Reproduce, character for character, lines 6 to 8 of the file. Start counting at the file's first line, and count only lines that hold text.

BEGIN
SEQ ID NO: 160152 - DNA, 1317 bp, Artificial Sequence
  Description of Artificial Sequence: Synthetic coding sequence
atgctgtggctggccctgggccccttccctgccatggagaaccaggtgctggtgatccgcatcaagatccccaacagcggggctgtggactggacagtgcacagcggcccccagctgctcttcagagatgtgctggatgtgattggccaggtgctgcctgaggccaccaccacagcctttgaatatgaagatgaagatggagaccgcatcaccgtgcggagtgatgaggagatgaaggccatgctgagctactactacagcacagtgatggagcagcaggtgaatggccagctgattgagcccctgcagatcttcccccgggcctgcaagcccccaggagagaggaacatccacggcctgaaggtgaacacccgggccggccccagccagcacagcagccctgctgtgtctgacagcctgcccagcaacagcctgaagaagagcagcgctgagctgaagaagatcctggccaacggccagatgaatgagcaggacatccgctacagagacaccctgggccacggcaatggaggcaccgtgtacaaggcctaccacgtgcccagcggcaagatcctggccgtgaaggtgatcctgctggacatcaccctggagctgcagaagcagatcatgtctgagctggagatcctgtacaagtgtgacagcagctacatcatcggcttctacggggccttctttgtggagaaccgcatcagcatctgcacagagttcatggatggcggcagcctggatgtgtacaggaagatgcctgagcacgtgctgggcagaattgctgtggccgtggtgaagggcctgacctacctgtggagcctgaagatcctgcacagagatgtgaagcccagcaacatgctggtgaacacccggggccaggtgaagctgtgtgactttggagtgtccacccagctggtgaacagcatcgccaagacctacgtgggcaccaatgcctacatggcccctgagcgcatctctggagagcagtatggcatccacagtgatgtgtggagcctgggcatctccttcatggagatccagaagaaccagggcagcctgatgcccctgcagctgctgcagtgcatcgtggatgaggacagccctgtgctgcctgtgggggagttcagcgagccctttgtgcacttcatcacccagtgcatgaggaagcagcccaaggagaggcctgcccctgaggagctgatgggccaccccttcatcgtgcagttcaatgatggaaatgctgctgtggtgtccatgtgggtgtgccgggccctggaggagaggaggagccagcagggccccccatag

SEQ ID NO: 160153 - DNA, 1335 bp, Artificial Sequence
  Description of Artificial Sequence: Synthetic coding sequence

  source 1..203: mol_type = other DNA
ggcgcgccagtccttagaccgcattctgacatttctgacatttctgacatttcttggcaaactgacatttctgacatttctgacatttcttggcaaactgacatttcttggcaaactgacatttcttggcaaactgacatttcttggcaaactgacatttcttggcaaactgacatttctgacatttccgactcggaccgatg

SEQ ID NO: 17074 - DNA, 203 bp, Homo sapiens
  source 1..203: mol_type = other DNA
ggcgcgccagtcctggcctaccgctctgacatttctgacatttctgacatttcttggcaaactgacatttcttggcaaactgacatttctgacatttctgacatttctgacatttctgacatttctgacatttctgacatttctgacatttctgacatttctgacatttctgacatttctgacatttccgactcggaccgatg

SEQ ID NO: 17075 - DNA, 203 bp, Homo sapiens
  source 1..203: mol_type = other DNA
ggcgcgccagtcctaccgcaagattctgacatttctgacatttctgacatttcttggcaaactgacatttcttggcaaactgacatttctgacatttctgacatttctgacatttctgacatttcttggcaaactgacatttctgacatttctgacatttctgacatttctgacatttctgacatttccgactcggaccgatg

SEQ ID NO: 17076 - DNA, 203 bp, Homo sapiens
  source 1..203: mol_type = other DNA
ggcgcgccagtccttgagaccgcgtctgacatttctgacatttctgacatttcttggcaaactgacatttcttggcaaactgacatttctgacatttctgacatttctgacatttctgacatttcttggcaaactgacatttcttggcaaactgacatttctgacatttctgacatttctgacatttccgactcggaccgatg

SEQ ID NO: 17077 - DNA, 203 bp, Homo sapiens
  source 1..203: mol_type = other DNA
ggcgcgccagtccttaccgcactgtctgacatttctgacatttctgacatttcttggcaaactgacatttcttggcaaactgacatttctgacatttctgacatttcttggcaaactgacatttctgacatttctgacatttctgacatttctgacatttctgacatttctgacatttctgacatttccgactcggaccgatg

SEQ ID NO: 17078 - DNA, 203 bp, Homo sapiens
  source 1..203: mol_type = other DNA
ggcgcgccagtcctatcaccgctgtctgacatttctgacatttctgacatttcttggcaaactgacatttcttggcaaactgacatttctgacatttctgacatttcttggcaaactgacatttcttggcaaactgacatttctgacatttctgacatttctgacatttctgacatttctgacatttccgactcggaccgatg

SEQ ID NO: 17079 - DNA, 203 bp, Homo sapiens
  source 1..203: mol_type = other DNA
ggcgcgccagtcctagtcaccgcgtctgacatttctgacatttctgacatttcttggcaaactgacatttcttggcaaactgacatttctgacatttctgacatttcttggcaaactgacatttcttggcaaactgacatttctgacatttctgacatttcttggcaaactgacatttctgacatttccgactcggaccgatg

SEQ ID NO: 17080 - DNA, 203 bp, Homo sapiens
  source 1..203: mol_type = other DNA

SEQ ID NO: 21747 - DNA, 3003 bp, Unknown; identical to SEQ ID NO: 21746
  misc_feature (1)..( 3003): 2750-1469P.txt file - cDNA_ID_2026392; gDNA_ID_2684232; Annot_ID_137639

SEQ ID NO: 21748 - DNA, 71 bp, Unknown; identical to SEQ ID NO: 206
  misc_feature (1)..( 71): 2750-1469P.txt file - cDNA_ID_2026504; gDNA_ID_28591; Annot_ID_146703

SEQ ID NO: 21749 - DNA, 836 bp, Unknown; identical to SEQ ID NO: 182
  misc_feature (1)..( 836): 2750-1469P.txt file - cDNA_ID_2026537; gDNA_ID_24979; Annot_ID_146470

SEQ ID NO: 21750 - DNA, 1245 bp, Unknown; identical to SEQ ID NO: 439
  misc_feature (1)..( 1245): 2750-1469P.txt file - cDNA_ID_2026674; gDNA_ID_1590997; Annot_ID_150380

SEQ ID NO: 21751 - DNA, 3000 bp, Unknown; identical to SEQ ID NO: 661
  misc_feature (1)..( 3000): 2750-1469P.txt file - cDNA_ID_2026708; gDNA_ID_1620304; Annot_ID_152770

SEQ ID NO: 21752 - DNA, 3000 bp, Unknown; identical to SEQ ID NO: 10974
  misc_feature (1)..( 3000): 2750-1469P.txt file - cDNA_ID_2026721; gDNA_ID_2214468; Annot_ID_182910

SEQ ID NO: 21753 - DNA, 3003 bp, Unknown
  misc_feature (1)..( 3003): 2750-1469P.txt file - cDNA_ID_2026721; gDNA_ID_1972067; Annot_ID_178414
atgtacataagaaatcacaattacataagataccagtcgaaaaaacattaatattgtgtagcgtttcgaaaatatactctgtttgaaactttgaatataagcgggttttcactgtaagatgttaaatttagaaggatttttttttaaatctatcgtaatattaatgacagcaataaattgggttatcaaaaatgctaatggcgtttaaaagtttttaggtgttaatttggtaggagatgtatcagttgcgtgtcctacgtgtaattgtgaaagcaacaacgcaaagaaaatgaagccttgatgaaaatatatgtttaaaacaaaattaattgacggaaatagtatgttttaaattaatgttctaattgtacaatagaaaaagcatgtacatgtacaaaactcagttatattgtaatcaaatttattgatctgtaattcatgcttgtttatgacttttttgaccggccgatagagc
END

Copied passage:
  source 1..203: mol_type = other DNA
ggcgcgccagtccttagaccgcattctgacatttctgacatttctgacatttcttggcaaactgacatttctgacatttctgacatttcttggcaaactgacatttcttggcaaactgacatttcttggcaaactgacatttcttggcaaactgacatttcttggcaaactgacatttctgacatttccgactcggaccgatg

SEQ ID NO: 17074 - DNA, 203 bp, Homo sapiens